The Formula One season closed with another roller-coaster championship fight that saw Sebastian Vettel and the Red Bull team riding into the history books.
The 23-year-old Vettel emerged from F1’s first four-man duel to win the championship in the season-ending Abu Dhabi Grand Prix, becoming the series’ youngest champion and giving Red Bull its first title only five years after first fielding a team.
Vettel never led the standings during a topsy-turvy season in which five drivers were in contention until the next-to-last race, the Brazilian GP, where the German won to set himself up for Abu Dhabi.
An error in pit-stop strategy by Ferrari at Yas Marina circuit cost Fernando Alonso the chance of becoming the youngest three-time champion, while Red Bull’s Mark Webber saw his own ambitions extinguished by a similar miscue.
Those mistakes appear more glaring given that Vettel’s chances looked dim after he retired from the Korean GP, the race before Brazil.
“I think it’s a typical example of you never know, and just maybe a little similar to what happened in 2007,” Vettel said, referencing how Kimi Raikkonen, then with Ferrari, snatched the title from Alonso and McLaren teammate Lewis Hamilton by a single point.
“Some things are out of our hands and just happen,” Vettel said. “Some people call it destiny, some people are a little bit more looking for explanations, but that’s the way it goes.”
Vettel’s title confirmed Red Bull’s ascension into Formula One’s elite ranks. The Austrian team secured 15 of 19 pole positions, but was often unable to turn that performance advantage into race wins. Still, Red Bull also took the manufacturers’ crown after Vettel’s fifth win - from his record-equalling 10th pole of the season - gave the team nine wins on the season.
“You know it’s always easy after things have happened to say, ‘OK, you did right, you did wrong,’ ” Vettel said. “In the end you need every single point.”
F1’s decision to overhaul its point system to award 25 points for a win and 18 for second place made victories more important than they were in the old system in which the first two cars earned 10 and 8 points, respectively.
Red Bull eventually triumphed behind its decision to back both drivers “equally” even though it favoured Vettel at times, such as at the British GP at Silverstone when a wing was removed from Webber’s car and given to his teammate.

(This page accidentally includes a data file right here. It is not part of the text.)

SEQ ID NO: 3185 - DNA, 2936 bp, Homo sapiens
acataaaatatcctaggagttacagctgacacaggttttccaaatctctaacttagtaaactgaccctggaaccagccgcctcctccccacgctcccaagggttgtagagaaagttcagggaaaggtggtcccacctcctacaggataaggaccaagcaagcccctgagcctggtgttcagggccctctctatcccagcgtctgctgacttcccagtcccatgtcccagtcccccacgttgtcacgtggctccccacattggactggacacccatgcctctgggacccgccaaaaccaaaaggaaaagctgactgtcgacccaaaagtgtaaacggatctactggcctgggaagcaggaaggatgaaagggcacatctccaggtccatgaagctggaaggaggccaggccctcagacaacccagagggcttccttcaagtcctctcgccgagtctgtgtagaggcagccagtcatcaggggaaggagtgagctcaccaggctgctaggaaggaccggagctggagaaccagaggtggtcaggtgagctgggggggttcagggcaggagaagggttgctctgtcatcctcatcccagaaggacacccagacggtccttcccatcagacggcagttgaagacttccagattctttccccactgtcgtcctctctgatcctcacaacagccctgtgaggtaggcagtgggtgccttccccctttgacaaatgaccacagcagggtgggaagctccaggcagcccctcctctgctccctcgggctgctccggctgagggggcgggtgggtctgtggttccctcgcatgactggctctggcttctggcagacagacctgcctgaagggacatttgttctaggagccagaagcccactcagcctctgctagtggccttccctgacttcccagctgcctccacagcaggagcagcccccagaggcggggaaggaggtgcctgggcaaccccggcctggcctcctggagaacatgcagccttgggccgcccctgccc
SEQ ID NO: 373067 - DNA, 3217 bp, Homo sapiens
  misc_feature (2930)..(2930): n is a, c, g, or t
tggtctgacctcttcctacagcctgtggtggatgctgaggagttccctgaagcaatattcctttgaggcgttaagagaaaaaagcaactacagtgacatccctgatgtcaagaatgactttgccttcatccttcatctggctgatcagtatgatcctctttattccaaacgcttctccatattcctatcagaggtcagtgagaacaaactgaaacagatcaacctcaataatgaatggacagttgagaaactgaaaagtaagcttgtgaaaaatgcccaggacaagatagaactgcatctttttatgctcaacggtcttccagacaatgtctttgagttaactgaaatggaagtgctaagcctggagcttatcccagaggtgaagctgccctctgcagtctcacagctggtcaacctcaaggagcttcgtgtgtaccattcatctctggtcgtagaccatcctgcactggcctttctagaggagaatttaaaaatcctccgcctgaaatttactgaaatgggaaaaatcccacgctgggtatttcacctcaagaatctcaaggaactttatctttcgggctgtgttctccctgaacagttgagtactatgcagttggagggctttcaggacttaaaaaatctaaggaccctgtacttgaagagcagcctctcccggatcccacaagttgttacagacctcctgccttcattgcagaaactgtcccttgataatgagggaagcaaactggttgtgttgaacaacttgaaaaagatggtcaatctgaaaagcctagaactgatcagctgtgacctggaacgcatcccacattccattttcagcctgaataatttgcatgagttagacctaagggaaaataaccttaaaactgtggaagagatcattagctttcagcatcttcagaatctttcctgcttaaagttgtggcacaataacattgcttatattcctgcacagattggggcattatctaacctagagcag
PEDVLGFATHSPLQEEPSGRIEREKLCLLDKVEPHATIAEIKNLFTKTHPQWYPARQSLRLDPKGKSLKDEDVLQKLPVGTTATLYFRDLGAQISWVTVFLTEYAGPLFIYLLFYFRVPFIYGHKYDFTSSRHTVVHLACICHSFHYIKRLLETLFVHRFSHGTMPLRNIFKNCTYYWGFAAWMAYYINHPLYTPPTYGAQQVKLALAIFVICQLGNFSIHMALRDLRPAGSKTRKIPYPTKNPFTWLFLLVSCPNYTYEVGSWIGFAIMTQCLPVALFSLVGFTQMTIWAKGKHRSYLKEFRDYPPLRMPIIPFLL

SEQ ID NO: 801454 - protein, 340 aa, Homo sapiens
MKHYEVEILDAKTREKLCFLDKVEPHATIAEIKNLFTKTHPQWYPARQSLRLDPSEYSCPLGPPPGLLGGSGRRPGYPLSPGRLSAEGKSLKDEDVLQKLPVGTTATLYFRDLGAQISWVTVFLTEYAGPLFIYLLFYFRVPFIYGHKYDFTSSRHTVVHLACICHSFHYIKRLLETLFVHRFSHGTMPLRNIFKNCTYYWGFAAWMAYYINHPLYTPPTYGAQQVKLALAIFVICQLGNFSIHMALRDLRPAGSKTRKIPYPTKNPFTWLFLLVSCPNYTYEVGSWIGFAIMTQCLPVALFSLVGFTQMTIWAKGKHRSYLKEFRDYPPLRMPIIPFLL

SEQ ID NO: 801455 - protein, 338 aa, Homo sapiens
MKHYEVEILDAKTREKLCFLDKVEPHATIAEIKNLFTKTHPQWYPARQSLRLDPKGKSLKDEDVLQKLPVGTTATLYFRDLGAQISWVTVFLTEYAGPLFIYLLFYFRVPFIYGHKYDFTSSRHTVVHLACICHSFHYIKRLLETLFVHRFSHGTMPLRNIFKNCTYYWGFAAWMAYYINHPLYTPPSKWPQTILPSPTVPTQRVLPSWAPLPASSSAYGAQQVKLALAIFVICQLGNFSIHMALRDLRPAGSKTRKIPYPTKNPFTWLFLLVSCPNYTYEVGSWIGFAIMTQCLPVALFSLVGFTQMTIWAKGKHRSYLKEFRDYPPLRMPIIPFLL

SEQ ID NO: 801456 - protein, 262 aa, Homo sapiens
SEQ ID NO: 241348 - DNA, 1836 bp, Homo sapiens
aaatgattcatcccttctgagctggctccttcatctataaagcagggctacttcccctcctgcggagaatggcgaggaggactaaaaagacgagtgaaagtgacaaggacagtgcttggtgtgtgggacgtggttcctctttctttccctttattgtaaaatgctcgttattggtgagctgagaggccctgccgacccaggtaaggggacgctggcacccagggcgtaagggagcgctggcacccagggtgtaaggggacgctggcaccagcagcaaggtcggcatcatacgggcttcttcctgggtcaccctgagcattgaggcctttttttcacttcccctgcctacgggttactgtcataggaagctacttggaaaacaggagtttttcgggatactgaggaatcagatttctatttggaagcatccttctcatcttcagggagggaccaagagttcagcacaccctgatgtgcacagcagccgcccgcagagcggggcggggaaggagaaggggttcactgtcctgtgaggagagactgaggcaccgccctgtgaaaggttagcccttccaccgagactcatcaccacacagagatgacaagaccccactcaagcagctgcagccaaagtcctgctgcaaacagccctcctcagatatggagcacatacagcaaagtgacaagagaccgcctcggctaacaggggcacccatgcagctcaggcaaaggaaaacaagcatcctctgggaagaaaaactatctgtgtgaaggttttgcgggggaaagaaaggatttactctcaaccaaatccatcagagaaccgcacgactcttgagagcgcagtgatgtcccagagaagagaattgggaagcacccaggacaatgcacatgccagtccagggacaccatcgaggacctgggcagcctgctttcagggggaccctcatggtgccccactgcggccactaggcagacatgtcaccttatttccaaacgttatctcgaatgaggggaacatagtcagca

“Of course (Vettel) deserves the world title this year,” the 34-year-old Australian said. “We start again from the first race next year. I think if I’m turning up next year thinking that I’m going to follow Sebastian around then this is not the right way.”
The Red Bull drivers trailed Alonso during the closing stages of the season, when the Spaniard controlled his own destiny. “I will remember this year for a long time and despite the final result,” Alonso said. “I’m very proud of this, the job the team has done and our approach to the last part of the year.”
But Ferrari’s decision to publicly back Alonso over teammate Felipe Massa could have played into the hands of opponents as Massa faded badly after being asked to let Alonso pass for a German GP win in July.
Crew changes could also be imminent at the Italian team after the season-ending gaffe, which saw Alonso finish seventh because he was unable to pass Renault driver Vitaly Petrov for 40 laps. A top-four finish would have been enough to secure the title.
“We are Ferrari, which means we are condemned to having to win, so a second place is a defeat; but this is also part of sport and we have to accept it,” team principal Stefano Domenicali said.
Alonso’s situation also highlighted how a lack of overtaking remains a big problem; the drama in the championship race wasn’t often mirrored in the action on the track.
The season started in the Middle East at Bahrain with much enthusiasm after several driver changes and the return of seven-time F1 champion Michael Schumacher. But that start turned into a bore like the finale, which demonstrated how the modern circuits commissioned by F1 boss Bernie Ecclestone may be bold and beautiful but often lack bite. And with a new race in India beckoning next season, that seems unlikely to change.
Hamilton stayed in the hunt for the title to the final race for the third time in four years and the 2008 champion expects McLaren to be even hungrier in 2011. Teammate Jenson Button was in contention until Brazil.
“Every driver has moments when he could have done better, or would have done something different, so you just have to accept what you have and make the best of it,” said Hamilton, who lost crucial points when he didn’t finish in Monza and Singapore and retired in Spain and Hungary. “I think we have a very good baseline from which to evolve this car into 2011.”
Schumacher, meanwhile, finished ninth overall in a return from three years in retirement that led to questions over 2011 and whether the 41-year-old German driver’s legacy has been negatively affected by his Mercedes stint.
“Looking back at certain events there are reasons to be happy with certain things,” Schumacher said. “Most importantly I am happy to keep on working together because I have fun.”
Fellow German Nico Hulkenberg is looking for a new seat after Williams released him even though he won the pole in Brazil. Rookie teams Lotus, Virgin and HRT all failed to make any impact on the grid, and Ecclestone even labelled them “cripples” before the close of the season.
Renault, meanwhile, made a strong return in the points after three disappointing seasons. Robert Kubica spearheaded the revival that could see the French team contend in 2011.